BBC News with Justine Greene
A bomb has exploded outside a stadium in northern Nigeria, killing three people, shortly after President Goodluck Jonathan addressed an election campaign rally there. Police said a female suicide bomber blew herself inside a car, killing herself and another female passenger. Eighteen people were injured. Will Ross reports from Lagos.
The bomb exploded outside the stadium in Gombe just minutes after President Goodluck Jonathan's convoy had left the area. It may not have been as large as other car bombings in Nigeria, but the timing of the attack will have shocked the security forces. The violence is escalating in the run-up to elections due in less than two weeks' time. The attacks are blamed on the jihadist group Boko Haram, which is against democracy and says it wants to set up a caliphate. Over the weekend there were two other explosions in Gombe and another in the city of Potiskum.
Military aircraft belonging to the Chadian armed forces have attacked Boko Haram positions in northeastern Nigeria for a third day. Eyewitnesses say Chadian jets and helicopters bombed and strafed targets in the town of Gamboru, just across the border from Cameroon.
Dominique Strauss-Kahn, the former head of the International Monetary Fund, has gone on trial in France on charges of helping to procure women for sex parties. Mr Strauss-Kahn was forced to abandon his political career in France after being accused by a chambermaid of attempted rape four years ago. From Paris Lucy Williamson.
The man once tipped to be France's next president appeared at the Lille courthouse today, zipping past reporters gathered to capture his latest public scandal. Inside the courtroom Dominique Strauss-Kahn sat through the charges read against him of aiding and encouraging the prostitution of several people between 2008 and 2011 at a string of libertine parties in Paris and Washington. But a lawyer for the former IMF chief says that while he attended the parties he had no knowledge of the women's background nor any organisational role.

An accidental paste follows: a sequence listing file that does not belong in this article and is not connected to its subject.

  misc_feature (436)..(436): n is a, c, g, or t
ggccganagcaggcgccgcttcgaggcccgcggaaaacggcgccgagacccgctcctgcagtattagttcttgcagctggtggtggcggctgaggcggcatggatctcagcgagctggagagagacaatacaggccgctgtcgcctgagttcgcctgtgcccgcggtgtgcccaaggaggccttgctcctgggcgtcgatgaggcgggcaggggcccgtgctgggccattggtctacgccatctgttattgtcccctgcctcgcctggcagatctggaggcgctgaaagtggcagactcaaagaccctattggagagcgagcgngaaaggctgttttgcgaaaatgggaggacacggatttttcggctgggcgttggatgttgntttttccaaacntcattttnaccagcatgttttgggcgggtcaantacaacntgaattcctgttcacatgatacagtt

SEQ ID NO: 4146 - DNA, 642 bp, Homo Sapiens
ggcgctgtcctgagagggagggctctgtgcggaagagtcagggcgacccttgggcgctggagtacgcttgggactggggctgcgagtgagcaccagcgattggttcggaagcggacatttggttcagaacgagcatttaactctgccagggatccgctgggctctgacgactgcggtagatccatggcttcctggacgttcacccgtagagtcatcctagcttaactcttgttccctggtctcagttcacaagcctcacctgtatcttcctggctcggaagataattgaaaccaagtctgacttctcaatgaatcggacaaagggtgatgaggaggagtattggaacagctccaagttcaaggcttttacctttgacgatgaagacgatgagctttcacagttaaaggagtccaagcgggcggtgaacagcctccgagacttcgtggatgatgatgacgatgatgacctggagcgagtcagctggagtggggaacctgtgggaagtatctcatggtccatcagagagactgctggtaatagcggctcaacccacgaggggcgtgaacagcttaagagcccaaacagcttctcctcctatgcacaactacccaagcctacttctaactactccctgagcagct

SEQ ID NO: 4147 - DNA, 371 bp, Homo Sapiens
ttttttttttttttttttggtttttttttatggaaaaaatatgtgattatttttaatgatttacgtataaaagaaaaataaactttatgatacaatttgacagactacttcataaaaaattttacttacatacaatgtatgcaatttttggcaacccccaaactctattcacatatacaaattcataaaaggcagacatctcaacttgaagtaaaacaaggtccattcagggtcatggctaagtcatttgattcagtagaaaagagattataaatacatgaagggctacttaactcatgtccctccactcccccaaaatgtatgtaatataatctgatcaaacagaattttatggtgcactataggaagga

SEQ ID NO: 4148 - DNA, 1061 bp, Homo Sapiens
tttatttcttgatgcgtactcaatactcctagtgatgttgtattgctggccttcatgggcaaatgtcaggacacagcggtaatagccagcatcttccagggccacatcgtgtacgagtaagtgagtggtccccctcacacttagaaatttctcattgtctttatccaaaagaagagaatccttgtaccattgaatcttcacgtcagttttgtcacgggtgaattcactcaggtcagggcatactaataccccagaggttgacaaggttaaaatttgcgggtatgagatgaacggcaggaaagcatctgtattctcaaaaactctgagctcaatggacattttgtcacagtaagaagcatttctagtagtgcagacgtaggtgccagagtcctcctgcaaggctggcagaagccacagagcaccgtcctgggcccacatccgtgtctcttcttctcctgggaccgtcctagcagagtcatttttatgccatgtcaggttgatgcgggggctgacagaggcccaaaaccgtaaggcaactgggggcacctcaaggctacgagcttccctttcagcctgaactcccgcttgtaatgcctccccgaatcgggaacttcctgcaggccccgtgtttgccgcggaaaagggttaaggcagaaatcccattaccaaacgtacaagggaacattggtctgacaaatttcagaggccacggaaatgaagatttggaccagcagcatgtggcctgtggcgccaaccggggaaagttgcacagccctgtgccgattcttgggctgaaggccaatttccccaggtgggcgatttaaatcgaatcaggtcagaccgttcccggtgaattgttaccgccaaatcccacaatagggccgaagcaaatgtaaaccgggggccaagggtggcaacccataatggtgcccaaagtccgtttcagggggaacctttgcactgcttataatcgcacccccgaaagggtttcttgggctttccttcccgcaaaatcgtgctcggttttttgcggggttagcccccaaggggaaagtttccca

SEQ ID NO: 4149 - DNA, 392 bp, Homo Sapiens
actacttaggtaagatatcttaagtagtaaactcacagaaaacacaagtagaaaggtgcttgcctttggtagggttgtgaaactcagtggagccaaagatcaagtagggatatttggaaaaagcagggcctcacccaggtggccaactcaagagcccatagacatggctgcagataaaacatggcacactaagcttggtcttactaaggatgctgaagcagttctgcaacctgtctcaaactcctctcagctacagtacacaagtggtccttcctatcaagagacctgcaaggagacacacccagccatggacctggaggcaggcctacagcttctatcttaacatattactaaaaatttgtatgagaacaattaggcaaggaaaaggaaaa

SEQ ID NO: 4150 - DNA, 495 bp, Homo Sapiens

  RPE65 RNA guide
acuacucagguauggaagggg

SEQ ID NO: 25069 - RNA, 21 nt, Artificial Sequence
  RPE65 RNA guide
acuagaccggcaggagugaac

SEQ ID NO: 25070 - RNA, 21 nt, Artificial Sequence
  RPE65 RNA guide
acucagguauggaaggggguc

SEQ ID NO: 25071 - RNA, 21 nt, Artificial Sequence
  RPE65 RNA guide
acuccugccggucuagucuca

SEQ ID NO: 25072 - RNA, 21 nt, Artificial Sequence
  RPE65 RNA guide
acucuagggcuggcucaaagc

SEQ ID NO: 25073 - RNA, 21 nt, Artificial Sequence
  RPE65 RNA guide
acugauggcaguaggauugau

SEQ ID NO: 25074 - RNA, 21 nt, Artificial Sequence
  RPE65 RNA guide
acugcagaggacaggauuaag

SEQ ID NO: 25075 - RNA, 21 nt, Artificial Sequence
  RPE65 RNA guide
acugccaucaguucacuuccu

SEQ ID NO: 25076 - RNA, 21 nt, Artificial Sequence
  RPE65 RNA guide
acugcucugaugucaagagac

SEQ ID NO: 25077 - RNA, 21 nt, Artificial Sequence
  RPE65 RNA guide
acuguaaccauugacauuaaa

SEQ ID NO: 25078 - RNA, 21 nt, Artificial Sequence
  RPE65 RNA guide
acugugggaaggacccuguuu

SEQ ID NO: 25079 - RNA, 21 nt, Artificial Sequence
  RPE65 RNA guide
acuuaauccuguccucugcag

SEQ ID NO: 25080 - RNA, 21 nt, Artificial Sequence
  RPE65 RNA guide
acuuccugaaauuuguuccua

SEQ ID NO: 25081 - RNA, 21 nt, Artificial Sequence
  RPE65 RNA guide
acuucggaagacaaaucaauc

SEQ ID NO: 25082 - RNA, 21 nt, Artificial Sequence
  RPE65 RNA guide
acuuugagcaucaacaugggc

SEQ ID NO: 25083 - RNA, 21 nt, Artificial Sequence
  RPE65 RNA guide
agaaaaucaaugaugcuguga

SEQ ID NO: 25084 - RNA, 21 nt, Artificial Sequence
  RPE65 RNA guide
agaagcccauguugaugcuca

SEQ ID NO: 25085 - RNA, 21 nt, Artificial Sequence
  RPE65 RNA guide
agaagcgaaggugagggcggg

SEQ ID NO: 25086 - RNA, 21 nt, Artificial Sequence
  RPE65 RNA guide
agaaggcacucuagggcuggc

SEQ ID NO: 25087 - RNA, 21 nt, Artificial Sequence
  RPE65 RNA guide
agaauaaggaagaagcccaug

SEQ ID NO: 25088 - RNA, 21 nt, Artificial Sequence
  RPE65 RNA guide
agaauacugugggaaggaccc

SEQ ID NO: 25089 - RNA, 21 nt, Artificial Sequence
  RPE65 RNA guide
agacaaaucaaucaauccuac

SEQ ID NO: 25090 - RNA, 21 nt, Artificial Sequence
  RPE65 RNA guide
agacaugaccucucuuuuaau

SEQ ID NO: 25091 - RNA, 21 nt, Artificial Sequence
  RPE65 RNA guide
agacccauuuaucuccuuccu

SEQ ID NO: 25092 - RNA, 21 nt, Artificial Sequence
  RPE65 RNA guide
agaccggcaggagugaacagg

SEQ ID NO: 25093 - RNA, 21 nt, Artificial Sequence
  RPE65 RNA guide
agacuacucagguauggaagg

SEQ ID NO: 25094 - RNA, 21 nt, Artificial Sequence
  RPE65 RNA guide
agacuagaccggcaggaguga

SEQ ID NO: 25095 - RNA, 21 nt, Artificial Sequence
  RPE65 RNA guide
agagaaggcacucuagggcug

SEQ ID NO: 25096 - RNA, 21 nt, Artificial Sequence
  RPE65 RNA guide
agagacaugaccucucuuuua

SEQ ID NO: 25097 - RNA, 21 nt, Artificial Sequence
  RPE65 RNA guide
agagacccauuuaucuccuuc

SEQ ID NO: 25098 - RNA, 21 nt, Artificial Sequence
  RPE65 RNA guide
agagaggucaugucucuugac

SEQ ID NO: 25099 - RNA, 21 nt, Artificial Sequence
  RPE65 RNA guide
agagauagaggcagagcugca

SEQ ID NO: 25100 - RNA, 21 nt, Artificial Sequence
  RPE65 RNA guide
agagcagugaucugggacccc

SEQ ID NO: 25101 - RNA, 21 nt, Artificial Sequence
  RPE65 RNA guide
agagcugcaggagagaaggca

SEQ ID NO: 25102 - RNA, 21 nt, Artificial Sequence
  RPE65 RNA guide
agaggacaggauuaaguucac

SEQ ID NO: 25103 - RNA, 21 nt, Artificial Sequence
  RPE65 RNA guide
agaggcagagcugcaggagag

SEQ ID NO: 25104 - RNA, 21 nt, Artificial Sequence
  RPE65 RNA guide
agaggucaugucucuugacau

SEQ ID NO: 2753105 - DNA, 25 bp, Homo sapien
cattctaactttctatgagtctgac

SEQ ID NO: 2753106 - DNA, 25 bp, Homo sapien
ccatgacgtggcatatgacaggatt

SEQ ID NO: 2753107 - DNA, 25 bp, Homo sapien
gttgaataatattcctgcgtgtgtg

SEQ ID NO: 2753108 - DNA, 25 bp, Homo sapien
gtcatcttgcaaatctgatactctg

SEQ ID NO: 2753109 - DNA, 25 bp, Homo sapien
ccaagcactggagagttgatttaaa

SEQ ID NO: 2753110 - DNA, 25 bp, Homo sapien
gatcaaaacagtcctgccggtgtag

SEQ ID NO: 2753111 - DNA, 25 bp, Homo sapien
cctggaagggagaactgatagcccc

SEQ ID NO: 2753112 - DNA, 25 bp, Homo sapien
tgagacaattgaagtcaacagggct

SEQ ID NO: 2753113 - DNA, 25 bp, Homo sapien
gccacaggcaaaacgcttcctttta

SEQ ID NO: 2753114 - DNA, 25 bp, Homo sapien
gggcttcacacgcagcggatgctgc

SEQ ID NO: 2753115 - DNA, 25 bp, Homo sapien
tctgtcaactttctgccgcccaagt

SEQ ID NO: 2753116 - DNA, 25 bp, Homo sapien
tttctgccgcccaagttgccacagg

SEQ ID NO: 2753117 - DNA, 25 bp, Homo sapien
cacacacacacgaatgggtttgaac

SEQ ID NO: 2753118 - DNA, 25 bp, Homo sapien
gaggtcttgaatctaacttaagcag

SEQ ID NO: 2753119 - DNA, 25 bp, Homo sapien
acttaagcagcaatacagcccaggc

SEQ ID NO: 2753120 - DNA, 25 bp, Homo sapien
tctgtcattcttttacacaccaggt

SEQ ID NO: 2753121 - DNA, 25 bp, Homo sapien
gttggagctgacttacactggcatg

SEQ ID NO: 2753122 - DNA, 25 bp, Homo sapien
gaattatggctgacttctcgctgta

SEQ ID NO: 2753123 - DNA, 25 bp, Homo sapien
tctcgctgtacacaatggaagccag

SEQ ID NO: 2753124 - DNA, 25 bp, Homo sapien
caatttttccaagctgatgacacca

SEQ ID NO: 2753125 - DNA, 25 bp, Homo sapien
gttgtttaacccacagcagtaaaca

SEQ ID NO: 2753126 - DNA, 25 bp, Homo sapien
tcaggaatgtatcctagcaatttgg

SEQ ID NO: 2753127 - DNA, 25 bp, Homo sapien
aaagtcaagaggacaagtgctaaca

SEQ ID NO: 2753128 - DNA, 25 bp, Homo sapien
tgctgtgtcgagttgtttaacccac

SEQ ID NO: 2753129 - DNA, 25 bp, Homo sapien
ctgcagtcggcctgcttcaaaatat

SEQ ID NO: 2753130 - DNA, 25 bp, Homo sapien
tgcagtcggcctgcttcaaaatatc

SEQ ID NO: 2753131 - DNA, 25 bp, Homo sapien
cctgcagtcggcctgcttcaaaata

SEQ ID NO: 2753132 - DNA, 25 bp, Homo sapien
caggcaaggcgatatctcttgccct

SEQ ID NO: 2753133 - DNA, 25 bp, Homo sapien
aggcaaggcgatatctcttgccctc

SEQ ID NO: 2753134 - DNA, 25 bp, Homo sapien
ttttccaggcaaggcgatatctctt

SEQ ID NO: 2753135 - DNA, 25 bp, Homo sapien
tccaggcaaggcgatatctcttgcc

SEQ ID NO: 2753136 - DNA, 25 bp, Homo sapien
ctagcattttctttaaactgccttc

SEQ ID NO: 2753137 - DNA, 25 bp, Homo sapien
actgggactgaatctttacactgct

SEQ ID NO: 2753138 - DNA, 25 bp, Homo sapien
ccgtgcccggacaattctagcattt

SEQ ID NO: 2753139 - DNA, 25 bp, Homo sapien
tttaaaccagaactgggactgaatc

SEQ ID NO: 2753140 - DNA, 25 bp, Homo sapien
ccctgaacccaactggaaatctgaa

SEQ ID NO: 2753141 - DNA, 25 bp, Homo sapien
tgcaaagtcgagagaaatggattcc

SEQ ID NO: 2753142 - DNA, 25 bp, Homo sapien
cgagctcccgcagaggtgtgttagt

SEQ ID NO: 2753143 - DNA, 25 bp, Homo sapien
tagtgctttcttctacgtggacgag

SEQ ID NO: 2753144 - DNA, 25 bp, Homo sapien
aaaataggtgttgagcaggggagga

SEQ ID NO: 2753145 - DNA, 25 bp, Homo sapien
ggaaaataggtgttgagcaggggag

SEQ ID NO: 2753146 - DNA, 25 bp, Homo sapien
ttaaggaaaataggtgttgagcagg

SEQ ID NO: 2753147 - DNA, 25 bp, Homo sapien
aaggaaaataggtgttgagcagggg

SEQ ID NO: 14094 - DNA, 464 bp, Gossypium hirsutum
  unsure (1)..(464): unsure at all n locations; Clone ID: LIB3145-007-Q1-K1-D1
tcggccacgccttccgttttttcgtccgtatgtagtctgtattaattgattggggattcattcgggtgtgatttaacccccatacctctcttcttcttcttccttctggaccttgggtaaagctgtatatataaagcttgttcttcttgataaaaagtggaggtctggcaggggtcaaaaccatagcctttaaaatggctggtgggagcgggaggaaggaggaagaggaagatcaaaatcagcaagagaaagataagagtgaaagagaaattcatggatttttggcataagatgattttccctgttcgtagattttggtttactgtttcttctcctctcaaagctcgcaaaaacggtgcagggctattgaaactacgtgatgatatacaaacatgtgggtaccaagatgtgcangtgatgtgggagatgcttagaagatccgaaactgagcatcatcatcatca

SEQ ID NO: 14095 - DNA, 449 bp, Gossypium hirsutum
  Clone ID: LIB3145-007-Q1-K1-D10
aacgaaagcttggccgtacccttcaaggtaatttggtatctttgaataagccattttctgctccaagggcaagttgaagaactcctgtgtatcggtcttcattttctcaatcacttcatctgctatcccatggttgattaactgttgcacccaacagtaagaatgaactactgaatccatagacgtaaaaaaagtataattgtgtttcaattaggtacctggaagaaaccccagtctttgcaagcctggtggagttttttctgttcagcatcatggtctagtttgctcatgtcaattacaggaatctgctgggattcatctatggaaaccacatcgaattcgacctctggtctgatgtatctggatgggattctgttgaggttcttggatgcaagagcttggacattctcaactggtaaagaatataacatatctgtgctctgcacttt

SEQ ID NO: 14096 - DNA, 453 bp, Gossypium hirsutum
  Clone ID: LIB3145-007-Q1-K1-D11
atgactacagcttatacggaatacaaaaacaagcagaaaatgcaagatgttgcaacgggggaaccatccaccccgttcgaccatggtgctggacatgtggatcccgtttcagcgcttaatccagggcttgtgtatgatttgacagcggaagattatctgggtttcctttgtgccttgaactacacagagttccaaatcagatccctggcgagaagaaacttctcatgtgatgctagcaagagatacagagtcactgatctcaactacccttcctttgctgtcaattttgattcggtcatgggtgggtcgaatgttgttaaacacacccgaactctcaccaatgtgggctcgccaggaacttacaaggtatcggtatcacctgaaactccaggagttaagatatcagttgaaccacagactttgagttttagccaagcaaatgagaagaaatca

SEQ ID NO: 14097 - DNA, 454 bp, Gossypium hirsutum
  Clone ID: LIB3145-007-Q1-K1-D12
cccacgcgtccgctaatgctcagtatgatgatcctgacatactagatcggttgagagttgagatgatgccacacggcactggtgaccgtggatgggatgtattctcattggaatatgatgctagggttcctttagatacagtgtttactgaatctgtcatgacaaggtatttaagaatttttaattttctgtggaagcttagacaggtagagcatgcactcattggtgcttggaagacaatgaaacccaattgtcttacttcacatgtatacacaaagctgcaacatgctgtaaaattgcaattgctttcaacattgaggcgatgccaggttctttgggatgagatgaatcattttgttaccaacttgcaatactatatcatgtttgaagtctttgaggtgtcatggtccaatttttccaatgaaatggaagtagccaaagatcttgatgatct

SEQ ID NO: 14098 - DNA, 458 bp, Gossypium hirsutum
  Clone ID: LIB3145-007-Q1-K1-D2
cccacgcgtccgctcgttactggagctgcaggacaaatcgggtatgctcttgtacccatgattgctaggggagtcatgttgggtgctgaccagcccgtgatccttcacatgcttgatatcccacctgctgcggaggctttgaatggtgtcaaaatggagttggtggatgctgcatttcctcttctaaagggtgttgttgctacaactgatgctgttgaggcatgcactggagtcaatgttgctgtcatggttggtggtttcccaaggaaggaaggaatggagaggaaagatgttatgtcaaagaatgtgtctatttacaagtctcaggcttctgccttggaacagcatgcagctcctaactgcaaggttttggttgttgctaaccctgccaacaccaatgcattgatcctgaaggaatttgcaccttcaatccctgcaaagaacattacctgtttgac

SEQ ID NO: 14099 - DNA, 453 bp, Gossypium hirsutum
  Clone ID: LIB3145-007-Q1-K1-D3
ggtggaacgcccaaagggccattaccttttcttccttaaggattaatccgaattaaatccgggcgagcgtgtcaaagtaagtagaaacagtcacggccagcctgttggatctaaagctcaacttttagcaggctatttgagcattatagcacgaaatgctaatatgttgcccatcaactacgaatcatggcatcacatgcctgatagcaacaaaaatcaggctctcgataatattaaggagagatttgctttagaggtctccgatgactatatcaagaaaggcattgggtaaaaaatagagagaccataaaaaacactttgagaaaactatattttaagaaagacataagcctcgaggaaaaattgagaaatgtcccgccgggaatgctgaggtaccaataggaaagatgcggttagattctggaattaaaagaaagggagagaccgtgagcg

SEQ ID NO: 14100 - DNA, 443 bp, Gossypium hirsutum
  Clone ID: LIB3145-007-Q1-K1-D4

President Obama has presented a four-trillion-dollar budget for the coming year, setting out plans to help the middle class at the cost of higher taxes on companies and on the wealthiest Americans. Correspondents say the president is trying to set the political agenda for the rest of his term in office. But it's likely to be oppressed by the Republican-controlled Congress. From Washington here is our correspondent Gary O'Donoghue.
President Obama has thrown down the gauntlet to the new Republican Congress - his explicitly tight plans for extra defence spending, something his opponents want through raising taxes for roads, bridges and high-speed Internet, something they will take issue with. But it's the tax rises that will prove most controversial, in particular the plan to impose a one-off levy on the overseas profits of US corporations, which could raise almost a quarter of a trillion dollars. Gary O'Donoghue r1分快3eporting from Washington
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The widow of the former Russian spy Alexander Litvinenko has said he thought he would be killed or arrested after he spoke publicly about the corruption in the FSB, the successor to the KGB. Mr Litvinenko died after drinking tea laced with radioactive polonium in a hotel in London in 2006. At a public inquiry in London Marina Litvinenko said Mr Litvinenko had also addressed his concerns on the then head of the FSB, Vladimir Putin, now the Russian president.
The leader of the Russian-backed rebels in eastern Ukraine has announced plans to moblise men at fighting age to take on government forces. As fighting there intensifies the separatists are reported to have carried out attacks on the key transport junction, Debaltseve, from where hundreds of civilians have been evacuated. The journalist Noah Schnyder visited the town at the weekend and described the situation there.
"Debaltseve is in dire straits. It looks almost...you can imagine the end of the world would look: people living in decrepit basements, melting snow for water, cooking on makeshifts, so venturing out of their bomb shelters only for the most necessary ingredients to life."
The United States has imposed visa restrictions on unnamed Venezuelan officials that it accuses of human rights violations and corruption. The State Department said it was sending a clear message that human rights abuses, corrupt government officials and their families were not welcome in the United States. President Nicholas Maduro said his country wouldn't accept what he described as insolent imperialist sanctions.
Croatia's left-wing government has offered around 60,000 of its poorest citizens a chance to have their debts written off. The scheme dubbed "fresh start" is open to people owing up to 5,000 dollars, whose bank accounts have been frozen as a result of their debts. Private and public sector organisations will share the cost.